Headlines recently trumpeted an endeavor to implant artificial intelligence in humans. Ahhh, let the computer do the thinking while you reach for another bowl of chips — potato, not micro.

This fascination with technology encroaching on humanity (whether you like it or not) drives the smart thematic guts of playwright Madeleine George's "The (Curious Case of the) Watson Intelligence," which had its Twin Cities premiere Friday at Park Square Theatre in St. Paul.

George's play hops through time to illustrate three cases of inventors pushing the technological envelope to create the perfect human companion. It's heady, clever stuff but quite talky, and director Leah Cooper's production doesn't find a beating heart.

"Watson" opens with digital whiz kid Eliza (Kathryn Fumie) talking (loudly!) with her human bot Watson (H. Adam Harris). Harris then becomes another Watson who fixes the computer of Eliza's ex-husband, Merrick (Adam Whisner). Merrick, impressed by Watson's ability, asks him to spy on his ex-wife.

Before you can say Tom Stoppard, we're whisked back to Victorian England, where a new Eliza visits Sherlock Holmes' associate, Dr. Watson, and complains about her husband, another Merrick, who is up to something nefarious. Then we will dabble in the era of Alexander Graham Bell ringing up his assistant, Watson, as the telephone is invented.

The time travel is not so confusing as it is just flat and presentational. The key in this theatrical game of three-card monte is technology's advance on humanity — and humanity's eagerness to be overtaken in the name of preserving humanity. Eliza's great idea, for example, is aimed at supplying disadvantaged populations with artificial intelligence that would improve lives.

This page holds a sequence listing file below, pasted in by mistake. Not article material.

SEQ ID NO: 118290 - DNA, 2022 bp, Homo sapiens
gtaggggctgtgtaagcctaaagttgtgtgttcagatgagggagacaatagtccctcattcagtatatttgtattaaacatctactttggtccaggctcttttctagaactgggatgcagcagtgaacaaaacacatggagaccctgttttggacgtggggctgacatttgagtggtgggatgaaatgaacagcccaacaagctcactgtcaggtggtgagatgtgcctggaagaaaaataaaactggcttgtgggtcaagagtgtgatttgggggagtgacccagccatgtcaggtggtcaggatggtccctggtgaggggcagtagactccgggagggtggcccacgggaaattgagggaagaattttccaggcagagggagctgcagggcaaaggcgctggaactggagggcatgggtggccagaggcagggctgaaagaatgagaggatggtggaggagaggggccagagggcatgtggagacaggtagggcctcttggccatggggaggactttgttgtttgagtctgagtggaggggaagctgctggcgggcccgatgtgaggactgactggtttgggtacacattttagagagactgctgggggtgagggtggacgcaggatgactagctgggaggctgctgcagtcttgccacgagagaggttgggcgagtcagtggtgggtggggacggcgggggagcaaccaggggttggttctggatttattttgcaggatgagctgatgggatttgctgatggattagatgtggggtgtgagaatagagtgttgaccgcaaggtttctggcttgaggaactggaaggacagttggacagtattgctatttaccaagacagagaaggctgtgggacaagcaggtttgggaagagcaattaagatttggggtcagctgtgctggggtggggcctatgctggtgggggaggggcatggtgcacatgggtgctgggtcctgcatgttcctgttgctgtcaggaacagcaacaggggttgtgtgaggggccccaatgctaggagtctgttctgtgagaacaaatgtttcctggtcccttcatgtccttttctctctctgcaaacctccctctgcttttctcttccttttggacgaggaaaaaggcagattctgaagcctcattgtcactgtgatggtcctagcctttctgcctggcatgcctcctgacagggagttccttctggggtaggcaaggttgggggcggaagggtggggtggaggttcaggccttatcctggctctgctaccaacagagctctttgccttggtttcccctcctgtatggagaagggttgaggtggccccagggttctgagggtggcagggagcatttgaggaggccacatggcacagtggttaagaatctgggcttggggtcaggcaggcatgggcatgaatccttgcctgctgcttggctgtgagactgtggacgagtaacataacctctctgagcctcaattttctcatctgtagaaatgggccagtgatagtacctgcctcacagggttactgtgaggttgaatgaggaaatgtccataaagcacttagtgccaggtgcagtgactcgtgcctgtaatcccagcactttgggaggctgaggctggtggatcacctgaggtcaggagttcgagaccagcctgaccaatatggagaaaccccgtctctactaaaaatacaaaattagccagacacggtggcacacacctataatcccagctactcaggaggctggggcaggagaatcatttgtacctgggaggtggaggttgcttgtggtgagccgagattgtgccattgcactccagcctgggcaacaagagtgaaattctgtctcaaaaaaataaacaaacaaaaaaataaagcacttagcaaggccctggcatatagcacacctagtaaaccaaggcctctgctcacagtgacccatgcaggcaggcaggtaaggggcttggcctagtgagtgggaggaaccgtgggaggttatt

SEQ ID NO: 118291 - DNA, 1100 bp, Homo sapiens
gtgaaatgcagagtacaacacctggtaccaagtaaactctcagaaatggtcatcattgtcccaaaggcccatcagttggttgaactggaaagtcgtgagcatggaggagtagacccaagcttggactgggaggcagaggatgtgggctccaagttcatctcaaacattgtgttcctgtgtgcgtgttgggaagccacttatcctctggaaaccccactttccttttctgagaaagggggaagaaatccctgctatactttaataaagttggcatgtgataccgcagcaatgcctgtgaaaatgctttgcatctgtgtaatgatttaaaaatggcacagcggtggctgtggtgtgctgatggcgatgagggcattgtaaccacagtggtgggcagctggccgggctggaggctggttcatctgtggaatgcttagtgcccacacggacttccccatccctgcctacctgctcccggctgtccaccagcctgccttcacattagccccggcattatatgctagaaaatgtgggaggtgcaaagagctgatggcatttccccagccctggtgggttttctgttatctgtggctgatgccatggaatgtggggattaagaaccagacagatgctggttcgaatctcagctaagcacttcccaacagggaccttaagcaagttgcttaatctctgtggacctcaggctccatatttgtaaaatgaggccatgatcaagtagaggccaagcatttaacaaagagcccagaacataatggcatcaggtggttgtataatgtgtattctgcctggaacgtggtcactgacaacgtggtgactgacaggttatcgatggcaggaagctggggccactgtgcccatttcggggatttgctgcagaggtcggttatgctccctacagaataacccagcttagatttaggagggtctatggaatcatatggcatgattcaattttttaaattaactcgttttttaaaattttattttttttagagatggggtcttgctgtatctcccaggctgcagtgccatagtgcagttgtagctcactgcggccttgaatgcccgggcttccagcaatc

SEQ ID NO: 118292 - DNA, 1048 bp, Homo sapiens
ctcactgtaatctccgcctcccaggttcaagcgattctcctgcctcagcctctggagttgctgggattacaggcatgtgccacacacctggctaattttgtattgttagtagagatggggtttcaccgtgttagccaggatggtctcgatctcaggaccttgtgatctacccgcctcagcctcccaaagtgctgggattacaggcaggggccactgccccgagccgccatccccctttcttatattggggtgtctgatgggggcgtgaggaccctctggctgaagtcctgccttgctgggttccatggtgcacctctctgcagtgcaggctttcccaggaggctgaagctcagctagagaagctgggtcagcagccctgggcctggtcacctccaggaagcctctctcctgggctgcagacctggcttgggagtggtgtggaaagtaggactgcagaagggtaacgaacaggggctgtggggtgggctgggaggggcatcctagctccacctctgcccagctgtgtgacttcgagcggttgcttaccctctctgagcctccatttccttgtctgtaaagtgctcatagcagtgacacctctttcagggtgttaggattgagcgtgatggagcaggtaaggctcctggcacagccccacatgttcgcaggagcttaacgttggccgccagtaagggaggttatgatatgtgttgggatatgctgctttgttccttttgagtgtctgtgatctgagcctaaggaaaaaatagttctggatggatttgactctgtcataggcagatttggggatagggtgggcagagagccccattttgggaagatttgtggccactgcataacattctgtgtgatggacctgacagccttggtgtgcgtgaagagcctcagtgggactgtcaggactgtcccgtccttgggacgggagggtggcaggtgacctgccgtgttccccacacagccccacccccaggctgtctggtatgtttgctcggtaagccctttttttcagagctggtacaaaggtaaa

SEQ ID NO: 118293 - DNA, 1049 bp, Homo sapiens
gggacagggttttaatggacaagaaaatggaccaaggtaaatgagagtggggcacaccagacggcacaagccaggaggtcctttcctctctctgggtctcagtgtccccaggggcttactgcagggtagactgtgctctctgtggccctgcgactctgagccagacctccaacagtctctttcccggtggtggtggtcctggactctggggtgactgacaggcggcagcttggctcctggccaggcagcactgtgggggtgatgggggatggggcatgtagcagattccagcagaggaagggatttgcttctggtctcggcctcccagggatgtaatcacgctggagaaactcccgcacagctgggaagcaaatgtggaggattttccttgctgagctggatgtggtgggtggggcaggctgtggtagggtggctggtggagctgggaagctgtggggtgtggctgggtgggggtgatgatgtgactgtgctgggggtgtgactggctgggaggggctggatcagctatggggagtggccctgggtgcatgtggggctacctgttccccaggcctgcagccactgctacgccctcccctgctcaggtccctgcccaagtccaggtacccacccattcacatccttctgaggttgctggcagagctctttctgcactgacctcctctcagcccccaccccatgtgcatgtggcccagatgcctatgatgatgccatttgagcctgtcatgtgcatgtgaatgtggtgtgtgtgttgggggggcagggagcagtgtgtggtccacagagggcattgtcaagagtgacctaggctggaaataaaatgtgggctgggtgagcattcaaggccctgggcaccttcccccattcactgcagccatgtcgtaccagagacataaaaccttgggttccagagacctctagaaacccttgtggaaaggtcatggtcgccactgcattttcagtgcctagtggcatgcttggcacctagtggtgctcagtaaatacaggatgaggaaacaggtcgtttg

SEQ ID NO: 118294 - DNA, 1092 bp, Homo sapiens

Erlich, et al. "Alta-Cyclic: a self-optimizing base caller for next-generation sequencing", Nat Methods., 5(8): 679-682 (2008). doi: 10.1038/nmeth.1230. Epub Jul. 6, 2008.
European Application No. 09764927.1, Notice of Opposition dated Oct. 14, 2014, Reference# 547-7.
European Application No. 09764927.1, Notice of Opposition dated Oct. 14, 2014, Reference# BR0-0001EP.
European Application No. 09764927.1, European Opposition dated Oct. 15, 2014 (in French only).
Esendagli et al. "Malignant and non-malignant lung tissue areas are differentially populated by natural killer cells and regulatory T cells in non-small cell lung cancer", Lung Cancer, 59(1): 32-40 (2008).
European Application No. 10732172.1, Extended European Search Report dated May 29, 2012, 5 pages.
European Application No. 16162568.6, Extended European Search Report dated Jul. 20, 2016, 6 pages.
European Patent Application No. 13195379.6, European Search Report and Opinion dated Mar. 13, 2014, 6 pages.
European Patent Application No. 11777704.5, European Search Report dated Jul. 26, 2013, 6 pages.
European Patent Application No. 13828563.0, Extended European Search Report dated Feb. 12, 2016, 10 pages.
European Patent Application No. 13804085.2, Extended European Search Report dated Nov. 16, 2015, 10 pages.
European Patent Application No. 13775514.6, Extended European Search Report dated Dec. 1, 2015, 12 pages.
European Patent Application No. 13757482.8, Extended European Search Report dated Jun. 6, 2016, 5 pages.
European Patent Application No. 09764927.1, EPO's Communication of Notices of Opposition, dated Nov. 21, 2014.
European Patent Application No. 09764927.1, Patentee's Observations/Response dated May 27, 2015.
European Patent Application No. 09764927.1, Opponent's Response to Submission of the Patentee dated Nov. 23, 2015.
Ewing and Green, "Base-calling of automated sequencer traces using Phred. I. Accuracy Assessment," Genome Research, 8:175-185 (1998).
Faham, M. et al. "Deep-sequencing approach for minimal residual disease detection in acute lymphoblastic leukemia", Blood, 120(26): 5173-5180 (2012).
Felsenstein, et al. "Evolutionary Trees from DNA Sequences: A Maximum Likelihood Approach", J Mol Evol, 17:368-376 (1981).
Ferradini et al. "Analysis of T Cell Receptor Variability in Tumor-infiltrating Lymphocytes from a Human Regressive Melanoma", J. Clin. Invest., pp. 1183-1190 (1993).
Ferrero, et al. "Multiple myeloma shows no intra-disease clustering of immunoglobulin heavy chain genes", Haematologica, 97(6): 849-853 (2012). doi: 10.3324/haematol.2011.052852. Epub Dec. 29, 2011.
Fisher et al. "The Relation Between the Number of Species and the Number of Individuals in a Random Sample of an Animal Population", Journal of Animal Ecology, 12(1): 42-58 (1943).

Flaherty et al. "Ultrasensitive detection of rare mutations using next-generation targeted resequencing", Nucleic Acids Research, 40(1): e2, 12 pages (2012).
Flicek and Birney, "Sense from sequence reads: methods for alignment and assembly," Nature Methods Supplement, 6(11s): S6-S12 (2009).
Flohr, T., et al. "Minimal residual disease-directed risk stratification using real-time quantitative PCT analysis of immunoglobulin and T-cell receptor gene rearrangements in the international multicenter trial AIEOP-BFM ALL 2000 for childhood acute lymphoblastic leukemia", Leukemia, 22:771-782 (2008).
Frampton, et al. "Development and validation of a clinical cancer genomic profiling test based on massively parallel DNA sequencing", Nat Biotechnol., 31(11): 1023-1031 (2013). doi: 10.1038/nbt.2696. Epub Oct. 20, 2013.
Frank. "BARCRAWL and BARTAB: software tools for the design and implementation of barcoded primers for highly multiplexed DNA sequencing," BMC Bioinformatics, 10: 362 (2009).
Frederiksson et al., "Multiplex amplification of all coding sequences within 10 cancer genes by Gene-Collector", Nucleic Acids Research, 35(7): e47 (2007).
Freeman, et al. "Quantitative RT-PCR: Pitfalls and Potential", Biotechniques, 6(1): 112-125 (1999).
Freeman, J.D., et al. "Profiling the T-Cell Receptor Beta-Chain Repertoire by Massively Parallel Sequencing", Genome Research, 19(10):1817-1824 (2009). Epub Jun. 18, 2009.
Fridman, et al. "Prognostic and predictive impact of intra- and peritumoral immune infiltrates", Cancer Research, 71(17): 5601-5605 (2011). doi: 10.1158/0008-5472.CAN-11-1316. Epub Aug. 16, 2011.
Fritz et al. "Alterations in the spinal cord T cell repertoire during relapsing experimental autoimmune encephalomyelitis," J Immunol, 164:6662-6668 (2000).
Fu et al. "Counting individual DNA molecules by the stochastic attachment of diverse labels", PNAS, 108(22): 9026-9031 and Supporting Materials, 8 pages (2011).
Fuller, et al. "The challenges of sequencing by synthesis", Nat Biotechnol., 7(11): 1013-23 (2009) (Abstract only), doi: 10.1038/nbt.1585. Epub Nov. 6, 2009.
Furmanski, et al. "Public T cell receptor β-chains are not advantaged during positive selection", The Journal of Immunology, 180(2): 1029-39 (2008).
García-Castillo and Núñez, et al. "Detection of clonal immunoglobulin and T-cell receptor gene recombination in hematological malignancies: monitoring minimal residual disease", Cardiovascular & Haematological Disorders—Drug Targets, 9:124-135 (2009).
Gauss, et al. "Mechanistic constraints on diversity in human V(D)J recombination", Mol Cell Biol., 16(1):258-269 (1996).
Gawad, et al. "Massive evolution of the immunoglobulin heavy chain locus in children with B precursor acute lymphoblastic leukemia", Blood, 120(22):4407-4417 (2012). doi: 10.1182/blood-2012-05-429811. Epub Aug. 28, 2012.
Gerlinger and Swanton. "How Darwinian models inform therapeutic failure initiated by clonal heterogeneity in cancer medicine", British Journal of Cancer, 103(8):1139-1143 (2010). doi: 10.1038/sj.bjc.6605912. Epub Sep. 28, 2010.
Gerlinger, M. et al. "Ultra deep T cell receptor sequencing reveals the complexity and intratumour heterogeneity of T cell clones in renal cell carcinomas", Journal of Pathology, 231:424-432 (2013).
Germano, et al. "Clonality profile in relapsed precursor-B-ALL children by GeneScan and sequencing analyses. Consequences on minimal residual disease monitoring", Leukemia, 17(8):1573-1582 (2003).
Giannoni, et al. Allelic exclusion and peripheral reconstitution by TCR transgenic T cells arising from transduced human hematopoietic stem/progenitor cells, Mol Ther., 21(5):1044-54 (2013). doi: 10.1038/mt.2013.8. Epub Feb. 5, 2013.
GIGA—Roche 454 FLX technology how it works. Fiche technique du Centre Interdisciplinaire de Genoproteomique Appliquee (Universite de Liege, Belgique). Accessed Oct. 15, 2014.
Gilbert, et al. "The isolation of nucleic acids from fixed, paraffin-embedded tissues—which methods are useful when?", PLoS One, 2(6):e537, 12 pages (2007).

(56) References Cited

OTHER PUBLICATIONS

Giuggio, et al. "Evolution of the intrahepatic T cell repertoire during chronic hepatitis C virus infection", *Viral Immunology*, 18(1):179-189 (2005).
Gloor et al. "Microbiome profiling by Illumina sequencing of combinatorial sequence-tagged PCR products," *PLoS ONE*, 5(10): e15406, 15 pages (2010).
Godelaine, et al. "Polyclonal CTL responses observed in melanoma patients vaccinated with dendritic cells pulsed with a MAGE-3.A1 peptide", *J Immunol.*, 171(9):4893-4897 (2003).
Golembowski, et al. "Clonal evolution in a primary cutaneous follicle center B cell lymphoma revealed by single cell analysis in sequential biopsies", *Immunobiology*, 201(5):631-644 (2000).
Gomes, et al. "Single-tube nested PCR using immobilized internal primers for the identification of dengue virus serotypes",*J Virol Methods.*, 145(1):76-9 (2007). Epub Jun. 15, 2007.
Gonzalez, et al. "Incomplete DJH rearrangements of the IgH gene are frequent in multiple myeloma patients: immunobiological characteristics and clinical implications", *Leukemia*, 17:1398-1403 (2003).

Cooper's production, played out on a steampunk design (Lance Brockman's set, Kathy Kohl's costumes, Sadie Ward's props), uses a jackhammer to pump up a script that takes a long time to boot up.

Cast away preconceptions about the sonorous voice you'd expect from a speaking bot. Harris shouts like a stentorian Shakespearean actor working in an amphitheater. And from the moment she swipes her cellphone at the beginning of the play, Fumie makes us quite aware that she is an actor on a stage and not a character in a play.

Perhaps Cooper is trying to suggest that Eliza and Watson (in all their iterations) have mixed enough technology into their personalities that they are more robot than human. It is a defensible take, but we struggle to enter a world in which Fumie and Harris seem so manufactured.

Whisner's modulated approach fares better. Both Merricks are ugly humans — a frothing-at-the-mouth political candidate and a schemer intent on inventing an artificial wife. What a cad. So why do we like him best?

Katharine Horowitz contributes an inventive, techie sound design and Michael P. Kittel's lighting scheme plays a subtle machine-gear motif. Overall, though, a 2 ½-hour unsubtle and loud exploration of a juicy idea can get exhausting. Siri, where can I find a pillow?

Graydon Royce is a longtime Star Tribune theater critic. He can be reached at roycegraydon@gmail.com.